Sexual Stories in the Black AIDS Epidemic
Publication Year: 2013
Sonja Mackenzie elegantly argues that structural vulnerability is felt—quite literally—in the blood, in the possibilities and constraints on sexual lives, and in the rhetorics of their telling. The circulation of structural intimacies in daily life and in the political domain reflects possibilities for seeking what Mackenzie calls intimate justice at the nexus of cultural, economic, political, and moral spheres. Structural Intimacies presents a compelling case: in an era of deepening medicalization of HIV/AIDS, public health must move beyond individual-level interventions to community-level health equity frames and policy changes
Published by: Rutgers University Press
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Title Page, About the Series, Copyright Page, Dedication
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Any intellectual project has a long trajectory. First, I thank each of my fortythree study interviewees, whose articulate and impassioned stories of their lives and incisive visions of the social fabric I have tried to embed within these pages. Thank you for entrusting these histories to us, for showing up in rain or...
Chapter 1. Storying Sexuality with Black AIDS Epidemic
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On December 9, 2005, the much-anticipated film Brokeback Mountain was released in the United States. Interviews for this study began the week before, symbolically launched on December 1st, World AIDS Day. The last site we expected to visit during these interviews was Brokeback Mountain, Wyoming....
Chapter 2. A Liquor Store on Every Corner. Intimate States of Alcohol and HIV/AIDS
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Frederick is a well-built, dark-skinned man in his forties. Dressed in a sweater reminiscent of the early 1990s, he looks put-together but is vulnerable nonetheless once he starts speaking. Frederick’s appearance, the outer layer of his life, speaks volumes about the struggles he has endured. Anger emanates...
Chapter 3. Never a Black Boreback Mountain. Sexual Silence and the Down Low and the Age of AIDS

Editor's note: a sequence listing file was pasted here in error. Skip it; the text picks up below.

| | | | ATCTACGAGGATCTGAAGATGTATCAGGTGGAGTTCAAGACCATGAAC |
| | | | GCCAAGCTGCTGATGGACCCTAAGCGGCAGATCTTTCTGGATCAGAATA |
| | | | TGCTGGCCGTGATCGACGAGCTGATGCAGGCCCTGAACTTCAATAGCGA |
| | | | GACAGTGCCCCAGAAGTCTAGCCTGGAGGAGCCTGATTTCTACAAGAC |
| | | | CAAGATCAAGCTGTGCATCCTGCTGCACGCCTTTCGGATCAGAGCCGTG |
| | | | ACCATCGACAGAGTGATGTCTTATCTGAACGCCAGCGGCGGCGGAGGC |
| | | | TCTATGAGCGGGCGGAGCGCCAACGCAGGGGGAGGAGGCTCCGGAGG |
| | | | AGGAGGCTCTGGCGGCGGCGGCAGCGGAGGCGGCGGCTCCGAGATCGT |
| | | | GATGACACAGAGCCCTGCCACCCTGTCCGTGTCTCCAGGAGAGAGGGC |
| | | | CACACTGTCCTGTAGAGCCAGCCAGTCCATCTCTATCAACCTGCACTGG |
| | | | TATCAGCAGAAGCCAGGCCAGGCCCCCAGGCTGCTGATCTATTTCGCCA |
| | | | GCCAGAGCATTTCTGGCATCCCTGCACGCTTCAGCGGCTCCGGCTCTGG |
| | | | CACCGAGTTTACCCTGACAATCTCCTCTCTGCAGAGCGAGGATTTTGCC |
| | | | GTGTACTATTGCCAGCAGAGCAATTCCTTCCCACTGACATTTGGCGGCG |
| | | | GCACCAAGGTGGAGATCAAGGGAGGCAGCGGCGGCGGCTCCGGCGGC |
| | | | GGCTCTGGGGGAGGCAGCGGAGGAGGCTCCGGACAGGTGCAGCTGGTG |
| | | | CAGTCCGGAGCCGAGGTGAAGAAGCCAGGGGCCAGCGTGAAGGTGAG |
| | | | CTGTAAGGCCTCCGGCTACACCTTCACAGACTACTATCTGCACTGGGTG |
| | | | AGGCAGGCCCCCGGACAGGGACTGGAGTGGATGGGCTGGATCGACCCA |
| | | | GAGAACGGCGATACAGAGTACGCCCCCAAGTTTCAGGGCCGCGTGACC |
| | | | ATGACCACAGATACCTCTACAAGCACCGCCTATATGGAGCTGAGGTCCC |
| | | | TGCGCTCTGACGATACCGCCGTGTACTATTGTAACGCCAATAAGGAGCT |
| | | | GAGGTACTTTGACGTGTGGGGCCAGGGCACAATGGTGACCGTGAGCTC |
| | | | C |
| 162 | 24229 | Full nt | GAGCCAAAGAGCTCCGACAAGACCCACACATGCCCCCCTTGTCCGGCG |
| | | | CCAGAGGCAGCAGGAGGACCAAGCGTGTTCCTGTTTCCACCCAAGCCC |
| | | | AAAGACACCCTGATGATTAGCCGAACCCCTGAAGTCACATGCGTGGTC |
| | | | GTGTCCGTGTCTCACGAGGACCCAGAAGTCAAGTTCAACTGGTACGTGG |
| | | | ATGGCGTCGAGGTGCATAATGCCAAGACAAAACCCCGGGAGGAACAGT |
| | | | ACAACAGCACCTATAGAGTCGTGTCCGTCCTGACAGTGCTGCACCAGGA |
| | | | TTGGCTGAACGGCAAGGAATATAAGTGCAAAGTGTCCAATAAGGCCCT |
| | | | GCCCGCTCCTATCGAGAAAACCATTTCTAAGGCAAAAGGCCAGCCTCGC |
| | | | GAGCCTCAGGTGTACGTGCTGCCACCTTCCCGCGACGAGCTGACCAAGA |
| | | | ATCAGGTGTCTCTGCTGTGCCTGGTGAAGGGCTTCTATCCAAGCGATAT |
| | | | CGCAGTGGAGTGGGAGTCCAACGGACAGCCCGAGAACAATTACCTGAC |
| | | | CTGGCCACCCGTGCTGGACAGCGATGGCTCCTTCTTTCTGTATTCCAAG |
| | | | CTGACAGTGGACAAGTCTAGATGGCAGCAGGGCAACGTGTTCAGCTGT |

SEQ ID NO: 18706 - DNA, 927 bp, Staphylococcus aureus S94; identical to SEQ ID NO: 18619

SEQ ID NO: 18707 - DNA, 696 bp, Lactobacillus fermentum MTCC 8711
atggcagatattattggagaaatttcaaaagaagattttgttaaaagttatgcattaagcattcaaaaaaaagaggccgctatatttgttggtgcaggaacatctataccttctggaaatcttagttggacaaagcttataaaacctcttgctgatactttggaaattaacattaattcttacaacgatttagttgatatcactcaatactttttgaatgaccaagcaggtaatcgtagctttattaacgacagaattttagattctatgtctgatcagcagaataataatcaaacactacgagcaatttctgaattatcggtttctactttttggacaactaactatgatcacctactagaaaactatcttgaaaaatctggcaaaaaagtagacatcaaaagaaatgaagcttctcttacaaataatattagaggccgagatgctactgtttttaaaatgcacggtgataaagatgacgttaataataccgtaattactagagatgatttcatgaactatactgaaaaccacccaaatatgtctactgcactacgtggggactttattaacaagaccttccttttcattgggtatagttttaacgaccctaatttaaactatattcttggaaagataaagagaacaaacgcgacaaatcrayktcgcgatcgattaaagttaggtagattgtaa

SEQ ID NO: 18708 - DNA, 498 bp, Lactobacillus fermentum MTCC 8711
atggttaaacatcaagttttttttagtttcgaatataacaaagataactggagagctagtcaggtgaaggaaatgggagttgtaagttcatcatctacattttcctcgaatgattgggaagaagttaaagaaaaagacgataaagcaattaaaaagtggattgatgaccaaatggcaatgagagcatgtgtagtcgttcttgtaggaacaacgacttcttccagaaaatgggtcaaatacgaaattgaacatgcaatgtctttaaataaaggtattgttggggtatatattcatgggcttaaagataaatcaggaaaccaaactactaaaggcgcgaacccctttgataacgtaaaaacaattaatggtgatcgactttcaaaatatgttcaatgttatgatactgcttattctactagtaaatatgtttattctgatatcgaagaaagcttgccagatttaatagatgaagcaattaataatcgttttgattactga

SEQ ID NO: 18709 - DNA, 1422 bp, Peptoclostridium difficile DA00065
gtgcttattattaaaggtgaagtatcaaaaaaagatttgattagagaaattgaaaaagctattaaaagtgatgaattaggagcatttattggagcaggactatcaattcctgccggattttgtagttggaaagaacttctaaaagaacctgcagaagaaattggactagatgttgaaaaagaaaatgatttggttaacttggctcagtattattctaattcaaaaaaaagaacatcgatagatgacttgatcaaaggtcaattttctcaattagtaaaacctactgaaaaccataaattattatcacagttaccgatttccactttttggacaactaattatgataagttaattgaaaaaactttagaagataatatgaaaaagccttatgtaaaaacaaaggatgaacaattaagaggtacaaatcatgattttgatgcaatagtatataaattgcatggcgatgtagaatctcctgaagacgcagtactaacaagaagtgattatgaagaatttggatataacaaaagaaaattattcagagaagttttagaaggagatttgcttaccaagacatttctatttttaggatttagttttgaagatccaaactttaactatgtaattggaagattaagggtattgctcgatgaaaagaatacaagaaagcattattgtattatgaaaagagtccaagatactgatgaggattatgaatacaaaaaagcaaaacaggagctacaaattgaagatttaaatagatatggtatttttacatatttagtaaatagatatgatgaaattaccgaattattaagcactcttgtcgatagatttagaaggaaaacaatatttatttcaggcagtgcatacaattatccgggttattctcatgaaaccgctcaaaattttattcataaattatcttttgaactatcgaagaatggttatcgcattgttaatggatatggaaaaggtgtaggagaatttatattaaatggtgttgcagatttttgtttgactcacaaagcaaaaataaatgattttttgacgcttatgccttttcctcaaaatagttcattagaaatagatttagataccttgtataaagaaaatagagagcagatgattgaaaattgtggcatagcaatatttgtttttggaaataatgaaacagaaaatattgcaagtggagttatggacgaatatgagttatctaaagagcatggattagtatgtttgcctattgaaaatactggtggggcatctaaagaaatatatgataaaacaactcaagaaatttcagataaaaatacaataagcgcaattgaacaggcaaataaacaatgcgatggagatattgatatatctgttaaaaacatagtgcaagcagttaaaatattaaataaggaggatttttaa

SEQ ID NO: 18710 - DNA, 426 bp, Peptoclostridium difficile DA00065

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Matteo’s every move as a gay Black man is carefully planned to steer the course of racism. His daily life working as a health educator in San Francisco involves speaking to mostly Black men and women across the city—in high schools and shelters, community centers and crack houses, wherever anyone will listen to...
Chapter 4. Crazy Talk. The Conspirace Counter-Narrative in the Black AIDS Epidemic
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Cathy is a dynamic woman in her mid-forties whose family relocated to the Bay Area from Topeka, Kansas, when she was in high school. She has worked for the security company that her parents own for as long as she can remember, and owns a home in Oakland with her soon-to-be husband, a high-profile...
Chapter 5. The President, the Preacher, and Raceand Racism in the Obama Era
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Maxwell, whom we last left in chapter 4 sorting through the filing cabinets of his research articles and medical memory, reflects on why is it just us living and dying with HIV/AIDS twenty-five years into the epidemic. His story, passionate and pained, takes us back to memories of his childhood, to life as it...
Appendix. Methodological Matters
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In December 2005, the day after the eighth annual World AIDS Day urged people the world over to “keep the promise” to end the HIV/AIDS epidemic, a middle-aged HIV-negative man, Al, played his part by walking into an office in downtown San Francisco. As with many of this project’s interviewees, he was...
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Other Works in the Series, About the Author
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Page Count: 204
Publication Year: 2013
Series Title: Critical Issues in Health and Medicine
Series Editor Byline: Janet Golden, Rima D. Apple